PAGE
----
I’m putting together a set for a radio show on Saturday night on KRUI FM, so it was my first time playing with Ableton Live 8 and DJing. What’s it like?
Short answer — not different enough to have a lot to say about it but there’s a few topics worth covering:
Live 8’s warping is backwards from previous versions. Instead of grabbing a beat division on the timeline and aligning it to audio, now you grab an audio transient and drag it to the beat. Conceptually I can see why they did this but I can also understand the howls of pain from people used to the old method.
The good news is that it only takes a few minutes to adjust. I did 15 tracks for a mix tonight, and only the first one or two were a PITA. Then I had the hang of it.
The bad news is that Live is still kind of crap at tempo detection. Sometimes it gets it, but more often than not it gets lost and you have to junk everything it did. It doesn’t even get the transients right some of the time, which is theoretically an easier computational problem.
The best method I’ve worked out goes like this:
1. Find an unambiguous downbeat by listening to the track without the metronome to distract you. If there’s a transient at the downbeat, right click and set 1:1 to the downbeat. You can actually start the track earlier than 1:1 marker, so you can look through a track until the kick hits, and then drag the start marker back to the beginning of the widdly intro part.
2. Turn on looping, and set the loop to one measure starting at 1:1. Drag the transient corresponding to the beginning of the next measure to the ‘2′ measure marker. This will give you a reasonable approximation of the track tempo.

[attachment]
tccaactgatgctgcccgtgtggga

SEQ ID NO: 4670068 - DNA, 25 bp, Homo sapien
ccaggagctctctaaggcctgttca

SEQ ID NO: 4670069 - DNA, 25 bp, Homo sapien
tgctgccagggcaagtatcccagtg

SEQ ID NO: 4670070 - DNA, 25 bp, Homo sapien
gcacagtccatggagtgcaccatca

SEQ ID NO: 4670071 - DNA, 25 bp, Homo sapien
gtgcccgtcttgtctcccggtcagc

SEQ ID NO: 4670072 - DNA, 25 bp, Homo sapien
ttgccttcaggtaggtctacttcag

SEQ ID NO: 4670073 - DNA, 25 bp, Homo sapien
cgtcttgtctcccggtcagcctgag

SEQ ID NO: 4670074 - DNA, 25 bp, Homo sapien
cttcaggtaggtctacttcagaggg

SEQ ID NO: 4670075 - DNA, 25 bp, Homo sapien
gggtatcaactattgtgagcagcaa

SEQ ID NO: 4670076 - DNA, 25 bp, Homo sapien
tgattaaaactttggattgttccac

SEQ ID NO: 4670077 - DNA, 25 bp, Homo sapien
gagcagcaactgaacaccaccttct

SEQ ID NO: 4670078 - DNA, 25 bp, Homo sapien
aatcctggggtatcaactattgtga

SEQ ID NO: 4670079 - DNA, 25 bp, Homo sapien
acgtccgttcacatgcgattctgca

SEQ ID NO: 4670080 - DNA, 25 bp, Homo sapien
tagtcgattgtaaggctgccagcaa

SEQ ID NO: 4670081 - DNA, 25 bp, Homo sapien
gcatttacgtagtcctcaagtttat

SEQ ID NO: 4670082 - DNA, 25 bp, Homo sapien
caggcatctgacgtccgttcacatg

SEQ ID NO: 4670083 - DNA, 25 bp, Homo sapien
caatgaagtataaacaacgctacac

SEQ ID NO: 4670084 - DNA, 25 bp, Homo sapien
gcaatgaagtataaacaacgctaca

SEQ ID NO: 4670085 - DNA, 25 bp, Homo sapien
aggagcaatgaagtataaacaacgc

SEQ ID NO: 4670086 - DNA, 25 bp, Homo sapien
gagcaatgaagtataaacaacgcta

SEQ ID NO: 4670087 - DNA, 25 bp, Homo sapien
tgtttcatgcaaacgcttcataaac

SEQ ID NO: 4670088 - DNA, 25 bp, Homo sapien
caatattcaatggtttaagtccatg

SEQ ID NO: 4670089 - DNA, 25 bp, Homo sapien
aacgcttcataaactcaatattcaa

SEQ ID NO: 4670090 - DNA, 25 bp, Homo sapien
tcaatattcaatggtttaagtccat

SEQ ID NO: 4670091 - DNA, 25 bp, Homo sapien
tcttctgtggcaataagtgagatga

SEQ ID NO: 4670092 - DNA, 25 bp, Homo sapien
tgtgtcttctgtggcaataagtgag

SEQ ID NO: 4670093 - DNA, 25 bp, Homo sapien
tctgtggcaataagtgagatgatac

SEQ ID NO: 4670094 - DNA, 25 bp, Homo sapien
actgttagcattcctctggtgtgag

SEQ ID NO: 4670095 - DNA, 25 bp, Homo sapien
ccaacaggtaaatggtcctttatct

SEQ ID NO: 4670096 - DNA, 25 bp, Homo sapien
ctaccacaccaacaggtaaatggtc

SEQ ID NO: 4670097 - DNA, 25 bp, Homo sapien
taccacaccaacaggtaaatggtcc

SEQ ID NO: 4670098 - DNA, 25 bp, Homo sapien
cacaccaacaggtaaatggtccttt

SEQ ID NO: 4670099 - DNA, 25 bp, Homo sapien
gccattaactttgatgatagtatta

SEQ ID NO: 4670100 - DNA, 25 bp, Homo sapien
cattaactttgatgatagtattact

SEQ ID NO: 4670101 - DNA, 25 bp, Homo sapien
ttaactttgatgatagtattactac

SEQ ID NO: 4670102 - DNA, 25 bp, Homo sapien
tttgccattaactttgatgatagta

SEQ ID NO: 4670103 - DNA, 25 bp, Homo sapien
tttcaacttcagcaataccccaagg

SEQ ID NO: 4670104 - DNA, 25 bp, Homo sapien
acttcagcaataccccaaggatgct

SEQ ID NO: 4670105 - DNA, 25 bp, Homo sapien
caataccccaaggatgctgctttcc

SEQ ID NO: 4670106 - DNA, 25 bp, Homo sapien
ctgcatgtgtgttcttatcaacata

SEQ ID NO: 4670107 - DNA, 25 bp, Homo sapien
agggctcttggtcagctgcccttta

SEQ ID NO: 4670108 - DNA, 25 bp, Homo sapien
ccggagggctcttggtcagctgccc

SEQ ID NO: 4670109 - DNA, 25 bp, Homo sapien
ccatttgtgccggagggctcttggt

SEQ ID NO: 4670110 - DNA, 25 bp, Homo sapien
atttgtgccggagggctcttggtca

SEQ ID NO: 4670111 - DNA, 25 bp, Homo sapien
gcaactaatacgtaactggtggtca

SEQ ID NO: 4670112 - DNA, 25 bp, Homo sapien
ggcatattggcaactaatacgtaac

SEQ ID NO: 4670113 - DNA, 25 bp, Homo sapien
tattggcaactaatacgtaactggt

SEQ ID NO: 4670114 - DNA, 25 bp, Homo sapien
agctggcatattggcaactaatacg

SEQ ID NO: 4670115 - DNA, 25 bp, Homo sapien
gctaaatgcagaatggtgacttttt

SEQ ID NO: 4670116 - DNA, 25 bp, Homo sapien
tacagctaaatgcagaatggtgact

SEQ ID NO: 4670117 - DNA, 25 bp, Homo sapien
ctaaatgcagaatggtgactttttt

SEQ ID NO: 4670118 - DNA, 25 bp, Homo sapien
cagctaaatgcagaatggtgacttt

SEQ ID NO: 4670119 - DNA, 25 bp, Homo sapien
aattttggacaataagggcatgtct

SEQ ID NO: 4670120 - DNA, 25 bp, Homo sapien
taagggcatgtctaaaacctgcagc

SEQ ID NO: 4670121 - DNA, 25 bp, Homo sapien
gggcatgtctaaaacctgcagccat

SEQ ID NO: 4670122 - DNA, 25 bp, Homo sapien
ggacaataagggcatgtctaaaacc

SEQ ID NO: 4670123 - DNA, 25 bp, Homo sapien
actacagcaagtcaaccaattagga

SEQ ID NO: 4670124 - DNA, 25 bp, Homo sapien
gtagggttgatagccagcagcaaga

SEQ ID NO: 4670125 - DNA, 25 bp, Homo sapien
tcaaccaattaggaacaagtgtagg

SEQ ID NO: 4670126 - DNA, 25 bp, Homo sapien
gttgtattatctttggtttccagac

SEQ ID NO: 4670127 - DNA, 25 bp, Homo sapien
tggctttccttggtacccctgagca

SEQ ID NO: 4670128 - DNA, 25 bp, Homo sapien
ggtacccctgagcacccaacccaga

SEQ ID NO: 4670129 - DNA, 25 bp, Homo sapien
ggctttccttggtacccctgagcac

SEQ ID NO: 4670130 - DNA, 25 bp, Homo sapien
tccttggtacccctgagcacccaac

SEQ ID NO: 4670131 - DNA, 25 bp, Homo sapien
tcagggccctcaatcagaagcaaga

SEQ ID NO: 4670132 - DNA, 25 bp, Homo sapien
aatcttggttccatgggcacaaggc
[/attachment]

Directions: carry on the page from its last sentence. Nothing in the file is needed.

3. Turn on the metronome, and start playback. Then use the up arrow key to skip forward to bar 17. Drag the transient closest to the downbeat to the ‘17′ measure marker.
4. Skip forward through the file, dragging transients to measure divisions, if it looks like the downbeats are drifting away from the measure start.
When you’re done, turn off looping, and click save, so that the warping follows the audio file around between projects.
This works great if the track was made with a computer, or clocked by an accurate drum machine. If not, you’re going to have go through a measure or two at a time and pin the downbeat transients to the bar markers. This can’t be helped. It’s best to do this by ear — skip forward a measure at a time listening to the track against the metronome and only pin transients to beats when it drifts off. It will save time if you don’t sweat the small drifts in tempo.
EQ8, Instrument Racks, and Phase Cancellation
I’ve been dissatisfied with the EQ3 as a DJ EQ, but haven’t really found anything else that seems to work. I thought tonight I had a good idea of how to do a better EQ, but I was denied — undone by phase cancellation.
My idea was to use an Audio Effect Rack and 3 EQ8s in parallel. Set up a lowpass for the low band, bandpass for the middle, and highpass for the high end. Then automate the volume level of each EQs signal lane. You have to read up on the Audio Effect Racks in the manuals to get what I just said, but trust me on this for the moment.
The idea was this: isolate each band, and then control the level of each band as though your were running each one into a mixer channel. This should have solved the problem with trying to use one EQ8 as a DJ EQ — the bands interact in hard-to-control ways.
This didn’t work because the 3 separate EQ8s aren’t anywhere NEAR being in phase, at least when you try and mix a Low Pass, Bandpass and Highpass together this way. There were all sorts of weird behaviors, like the midrange apparently getting louder when you turned that band DOWN. Long story short, the 3 EQ8s are so far out of phase from each other they cancel out frequencies in weird and undesirable ways.
Macro knob mapping
I don’t know if this is new in Live 8 — I think it is though: If you have nested Audio Effect Racks, and you map an outer knob to control an inner knob, it picks up the name and range from the inner knob. I seem to remember having to rename the outer knob to match the inner one in Live 7. It’s the little things that count!